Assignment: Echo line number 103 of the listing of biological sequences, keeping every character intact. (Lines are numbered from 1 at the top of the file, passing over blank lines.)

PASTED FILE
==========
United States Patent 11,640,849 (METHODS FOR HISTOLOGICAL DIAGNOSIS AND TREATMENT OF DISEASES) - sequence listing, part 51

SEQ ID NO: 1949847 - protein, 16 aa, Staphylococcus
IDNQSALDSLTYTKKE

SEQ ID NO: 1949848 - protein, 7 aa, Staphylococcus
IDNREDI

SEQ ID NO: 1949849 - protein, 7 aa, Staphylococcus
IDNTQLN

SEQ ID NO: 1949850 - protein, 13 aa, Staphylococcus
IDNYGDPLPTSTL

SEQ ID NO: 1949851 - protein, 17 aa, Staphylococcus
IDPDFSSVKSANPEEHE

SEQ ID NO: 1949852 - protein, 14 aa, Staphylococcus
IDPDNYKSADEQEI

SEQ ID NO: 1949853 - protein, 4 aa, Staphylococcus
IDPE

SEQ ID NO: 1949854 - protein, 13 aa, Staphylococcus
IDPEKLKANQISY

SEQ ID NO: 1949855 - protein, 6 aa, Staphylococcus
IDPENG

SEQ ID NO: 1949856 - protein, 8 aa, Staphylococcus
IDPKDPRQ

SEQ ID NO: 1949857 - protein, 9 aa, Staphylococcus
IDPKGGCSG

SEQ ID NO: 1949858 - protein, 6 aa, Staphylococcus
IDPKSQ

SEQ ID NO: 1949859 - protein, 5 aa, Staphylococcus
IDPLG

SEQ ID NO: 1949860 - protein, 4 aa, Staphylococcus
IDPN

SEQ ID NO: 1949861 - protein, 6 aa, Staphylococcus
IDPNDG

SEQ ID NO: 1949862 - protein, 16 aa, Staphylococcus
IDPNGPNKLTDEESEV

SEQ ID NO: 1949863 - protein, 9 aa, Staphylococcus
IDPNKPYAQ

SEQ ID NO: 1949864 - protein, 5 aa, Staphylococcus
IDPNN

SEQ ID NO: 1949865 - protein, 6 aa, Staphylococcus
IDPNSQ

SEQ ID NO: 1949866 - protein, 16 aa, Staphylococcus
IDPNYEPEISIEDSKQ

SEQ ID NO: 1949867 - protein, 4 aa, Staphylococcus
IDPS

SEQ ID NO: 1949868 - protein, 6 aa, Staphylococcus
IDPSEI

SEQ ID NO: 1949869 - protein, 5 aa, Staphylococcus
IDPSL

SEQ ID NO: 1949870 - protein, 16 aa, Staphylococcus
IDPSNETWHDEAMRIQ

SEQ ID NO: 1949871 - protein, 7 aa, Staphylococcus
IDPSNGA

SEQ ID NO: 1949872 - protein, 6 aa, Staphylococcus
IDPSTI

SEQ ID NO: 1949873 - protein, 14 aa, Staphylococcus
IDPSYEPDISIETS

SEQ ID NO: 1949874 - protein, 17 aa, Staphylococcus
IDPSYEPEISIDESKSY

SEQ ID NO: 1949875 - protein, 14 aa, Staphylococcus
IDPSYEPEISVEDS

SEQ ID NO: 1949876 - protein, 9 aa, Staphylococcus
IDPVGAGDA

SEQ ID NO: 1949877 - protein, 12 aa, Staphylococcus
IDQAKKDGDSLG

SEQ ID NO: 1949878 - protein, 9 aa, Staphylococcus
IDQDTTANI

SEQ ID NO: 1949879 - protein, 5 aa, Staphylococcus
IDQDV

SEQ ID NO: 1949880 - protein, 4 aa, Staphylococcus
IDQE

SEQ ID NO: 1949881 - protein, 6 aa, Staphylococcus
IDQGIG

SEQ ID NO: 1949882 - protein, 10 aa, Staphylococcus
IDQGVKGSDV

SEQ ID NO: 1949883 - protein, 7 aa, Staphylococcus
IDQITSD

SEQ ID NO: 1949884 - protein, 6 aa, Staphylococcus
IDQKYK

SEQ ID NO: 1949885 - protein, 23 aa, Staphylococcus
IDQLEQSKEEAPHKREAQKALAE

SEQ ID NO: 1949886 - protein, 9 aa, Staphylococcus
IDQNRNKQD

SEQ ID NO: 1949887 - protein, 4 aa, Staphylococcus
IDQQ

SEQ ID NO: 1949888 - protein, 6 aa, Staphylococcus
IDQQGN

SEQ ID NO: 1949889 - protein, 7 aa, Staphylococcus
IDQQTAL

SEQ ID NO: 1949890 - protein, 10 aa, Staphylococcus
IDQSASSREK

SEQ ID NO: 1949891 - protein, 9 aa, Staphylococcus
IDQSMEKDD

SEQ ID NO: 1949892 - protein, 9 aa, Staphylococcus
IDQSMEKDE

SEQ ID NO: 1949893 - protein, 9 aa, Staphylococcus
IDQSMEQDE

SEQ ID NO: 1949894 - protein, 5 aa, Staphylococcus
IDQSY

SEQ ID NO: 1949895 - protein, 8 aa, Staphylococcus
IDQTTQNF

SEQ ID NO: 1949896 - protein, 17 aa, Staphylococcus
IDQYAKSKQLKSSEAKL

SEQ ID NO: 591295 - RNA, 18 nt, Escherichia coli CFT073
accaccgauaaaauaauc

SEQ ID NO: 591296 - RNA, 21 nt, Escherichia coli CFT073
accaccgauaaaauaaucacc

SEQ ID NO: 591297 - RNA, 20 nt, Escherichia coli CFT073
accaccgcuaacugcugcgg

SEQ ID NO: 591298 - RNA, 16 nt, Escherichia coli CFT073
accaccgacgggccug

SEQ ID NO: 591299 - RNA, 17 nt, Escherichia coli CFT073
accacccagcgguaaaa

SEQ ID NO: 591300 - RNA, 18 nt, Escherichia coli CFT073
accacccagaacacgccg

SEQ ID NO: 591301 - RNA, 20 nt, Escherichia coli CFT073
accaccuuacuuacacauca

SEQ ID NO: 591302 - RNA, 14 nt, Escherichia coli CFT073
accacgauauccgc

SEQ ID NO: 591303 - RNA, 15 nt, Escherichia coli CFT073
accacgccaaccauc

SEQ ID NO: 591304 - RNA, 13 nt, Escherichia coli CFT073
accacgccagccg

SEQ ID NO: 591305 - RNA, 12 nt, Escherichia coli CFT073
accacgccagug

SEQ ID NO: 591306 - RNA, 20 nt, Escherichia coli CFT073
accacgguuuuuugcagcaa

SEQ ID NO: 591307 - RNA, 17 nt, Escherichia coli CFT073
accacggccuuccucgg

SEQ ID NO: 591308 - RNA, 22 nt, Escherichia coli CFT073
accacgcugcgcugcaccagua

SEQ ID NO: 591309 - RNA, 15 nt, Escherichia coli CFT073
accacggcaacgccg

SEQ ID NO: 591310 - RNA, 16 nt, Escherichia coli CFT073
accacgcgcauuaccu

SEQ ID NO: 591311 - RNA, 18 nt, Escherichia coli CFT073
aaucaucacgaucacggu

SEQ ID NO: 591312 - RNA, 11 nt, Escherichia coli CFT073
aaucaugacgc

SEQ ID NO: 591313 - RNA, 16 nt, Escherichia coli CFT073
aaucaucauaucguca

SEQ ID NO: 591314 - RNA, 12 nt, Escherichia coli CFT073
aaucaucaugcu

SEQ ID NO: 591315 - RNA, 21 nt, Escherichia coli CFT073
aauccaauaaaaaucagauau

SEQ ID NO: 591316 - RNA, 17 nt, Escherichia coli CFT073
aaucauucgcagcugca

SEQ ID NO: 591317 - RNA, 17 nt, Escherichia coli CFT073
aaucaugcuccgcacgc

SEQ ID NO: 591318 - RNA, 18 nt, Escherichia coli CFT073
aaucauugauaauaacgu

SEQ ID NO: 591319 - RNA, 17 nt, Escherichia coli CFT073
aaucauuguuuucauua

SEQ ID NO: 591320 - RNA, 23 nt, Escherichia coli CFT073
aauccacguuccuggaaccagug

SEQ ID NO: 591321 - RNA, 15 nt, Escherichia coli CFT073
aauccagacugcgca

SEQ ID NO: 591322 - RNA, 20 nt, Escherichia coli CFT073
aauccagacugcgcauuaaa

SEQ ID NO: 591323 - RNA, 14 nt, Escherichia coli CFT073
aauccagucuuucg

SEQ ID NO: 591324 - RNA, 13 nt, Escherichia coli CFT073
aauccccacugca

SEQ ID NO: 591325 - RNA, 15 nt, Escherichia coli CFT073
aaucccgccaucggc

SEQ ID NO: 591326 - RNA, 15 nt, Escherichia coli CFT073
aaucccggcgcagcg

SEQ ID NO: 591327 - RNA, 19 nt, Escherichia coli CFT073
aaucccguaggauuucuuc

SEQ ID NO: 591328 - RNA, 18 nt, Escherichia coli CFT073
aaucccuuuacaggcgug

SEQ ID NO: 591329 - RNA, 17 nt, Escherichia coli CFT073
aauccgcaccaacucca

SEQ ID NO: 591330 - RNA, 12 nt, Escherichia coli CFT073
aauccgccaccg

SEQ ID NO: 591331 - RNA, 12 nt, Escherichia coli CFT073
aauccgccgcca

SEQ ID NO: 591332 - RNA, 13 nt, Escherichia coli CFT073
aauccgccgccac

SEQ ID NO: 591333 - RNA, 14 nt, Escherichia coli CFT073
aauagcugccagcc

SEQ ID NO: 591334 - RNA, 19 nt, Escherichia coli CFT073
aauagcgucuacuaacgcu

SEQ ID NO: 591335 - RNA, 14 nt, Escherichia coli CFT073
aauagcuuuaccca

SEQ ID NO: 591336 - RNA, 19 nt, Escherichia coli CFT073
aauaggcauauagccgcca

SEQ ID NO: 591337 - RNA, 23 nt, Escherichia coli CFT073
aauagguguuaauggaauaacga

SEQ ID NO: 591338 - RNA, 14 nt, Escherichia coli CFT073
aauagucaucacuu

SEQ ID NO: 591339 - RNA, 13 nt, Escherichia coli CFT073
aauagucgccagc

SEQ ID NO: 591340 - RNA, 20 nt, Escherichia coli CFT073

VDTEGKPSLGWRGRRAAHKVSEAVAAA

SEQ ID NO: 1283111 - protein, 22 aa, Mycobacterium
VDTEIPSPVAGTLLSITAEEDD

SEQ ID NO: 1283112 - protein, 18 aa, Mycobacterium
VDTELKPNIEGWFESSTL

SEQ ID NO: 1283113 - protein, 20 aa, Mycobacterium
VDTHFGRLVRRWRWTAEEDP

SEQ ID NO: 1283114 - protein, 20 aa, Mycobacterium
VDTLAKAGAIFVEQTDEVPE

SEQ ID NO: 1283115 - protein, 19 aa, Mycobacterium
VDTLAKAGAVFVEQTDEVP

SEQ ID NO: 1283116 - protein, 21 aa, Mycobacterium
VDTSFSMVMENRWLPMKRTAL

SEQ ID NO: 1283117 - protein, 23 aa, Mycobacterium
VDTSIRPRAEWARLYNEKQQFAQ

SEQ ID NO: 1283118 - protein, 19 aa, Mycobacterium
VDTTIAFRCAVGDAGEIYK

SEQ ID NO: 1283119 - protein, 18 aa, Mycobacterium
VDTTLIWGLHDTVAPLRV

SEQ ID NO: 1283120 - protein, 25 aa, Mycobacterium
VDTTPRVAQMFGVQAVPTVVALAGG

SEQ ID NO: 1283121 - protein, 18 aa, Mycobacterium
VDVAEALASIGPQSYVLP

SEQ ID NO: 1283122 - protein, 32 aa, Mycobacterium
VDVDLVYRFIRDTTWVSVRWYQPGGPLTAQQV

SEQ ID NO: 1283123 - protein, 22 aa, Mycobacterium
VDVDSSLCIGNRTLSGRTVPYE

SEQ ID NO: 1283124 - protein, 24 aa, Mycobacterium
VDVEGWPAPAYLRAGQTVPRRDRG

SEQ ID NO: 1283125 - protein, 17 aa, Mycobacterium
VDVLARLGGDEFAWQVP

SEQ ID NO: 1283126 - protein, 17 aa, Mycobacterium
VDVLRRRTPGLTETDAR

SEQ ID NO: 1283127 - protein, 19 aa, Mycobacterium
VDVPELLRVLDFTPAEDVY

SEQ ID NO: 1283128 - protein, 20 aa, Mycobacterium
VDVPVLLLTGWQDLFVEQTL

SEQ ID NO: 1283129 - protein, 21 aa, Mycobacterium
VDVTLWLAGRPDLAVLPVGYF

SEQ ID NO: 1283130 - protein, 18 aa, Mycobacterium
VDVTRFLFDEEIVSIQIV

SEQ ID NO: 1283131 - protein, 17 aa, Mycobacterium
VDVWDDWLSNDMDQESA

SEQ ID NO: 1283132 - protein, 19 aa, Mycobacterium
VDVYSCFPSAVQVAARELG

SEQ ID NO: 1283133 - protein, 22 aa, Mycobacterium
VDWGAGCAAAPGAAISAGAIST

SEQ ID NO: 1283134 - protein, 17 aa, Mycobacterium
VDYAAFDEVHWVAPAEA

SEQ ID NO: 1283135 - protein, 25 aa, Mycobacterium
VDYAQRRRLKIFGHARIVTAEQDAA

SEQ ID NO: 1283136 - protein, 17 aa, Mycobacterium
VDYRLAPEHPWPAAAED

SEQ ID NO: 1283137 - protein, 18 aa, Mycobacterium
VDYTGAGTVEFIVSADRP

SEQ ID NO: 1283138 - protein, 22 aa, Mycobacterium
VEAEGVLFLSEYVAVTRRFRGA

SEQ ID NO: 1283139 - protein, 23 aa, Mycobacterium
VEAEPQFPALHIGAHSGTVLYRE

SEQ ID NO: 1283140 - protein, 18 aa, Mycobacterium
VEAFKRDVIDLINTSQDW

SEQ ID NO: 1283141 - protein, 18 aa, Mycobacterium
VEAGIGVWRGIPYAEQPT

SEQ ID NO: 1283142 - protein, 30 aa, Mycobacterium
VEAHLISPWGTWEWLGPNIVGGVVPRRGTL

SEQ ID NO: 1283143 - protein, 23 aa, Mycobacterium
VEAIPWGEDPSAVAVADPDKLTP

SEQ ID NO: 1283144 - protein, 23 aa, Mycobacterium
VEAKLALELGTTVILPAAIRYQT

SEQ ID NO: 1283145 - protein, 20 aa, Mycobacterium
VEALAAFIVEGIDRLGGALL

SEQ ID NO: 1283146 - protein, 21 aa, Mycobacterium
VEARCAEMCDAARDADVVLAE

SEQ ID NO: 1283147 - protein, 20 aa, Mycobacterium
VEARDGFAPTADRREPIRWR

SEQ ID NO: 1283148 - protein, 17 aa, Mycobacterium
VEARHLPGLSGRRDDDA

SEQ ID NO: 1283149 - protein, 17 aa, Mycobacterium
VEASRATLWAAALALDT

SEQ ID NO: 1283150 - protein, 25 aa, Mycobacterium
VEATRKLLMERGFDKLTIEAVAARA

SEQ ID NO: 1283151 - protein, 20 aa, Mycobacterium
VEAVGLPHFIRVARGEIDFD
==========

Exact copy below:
accaccgauaaaauaauc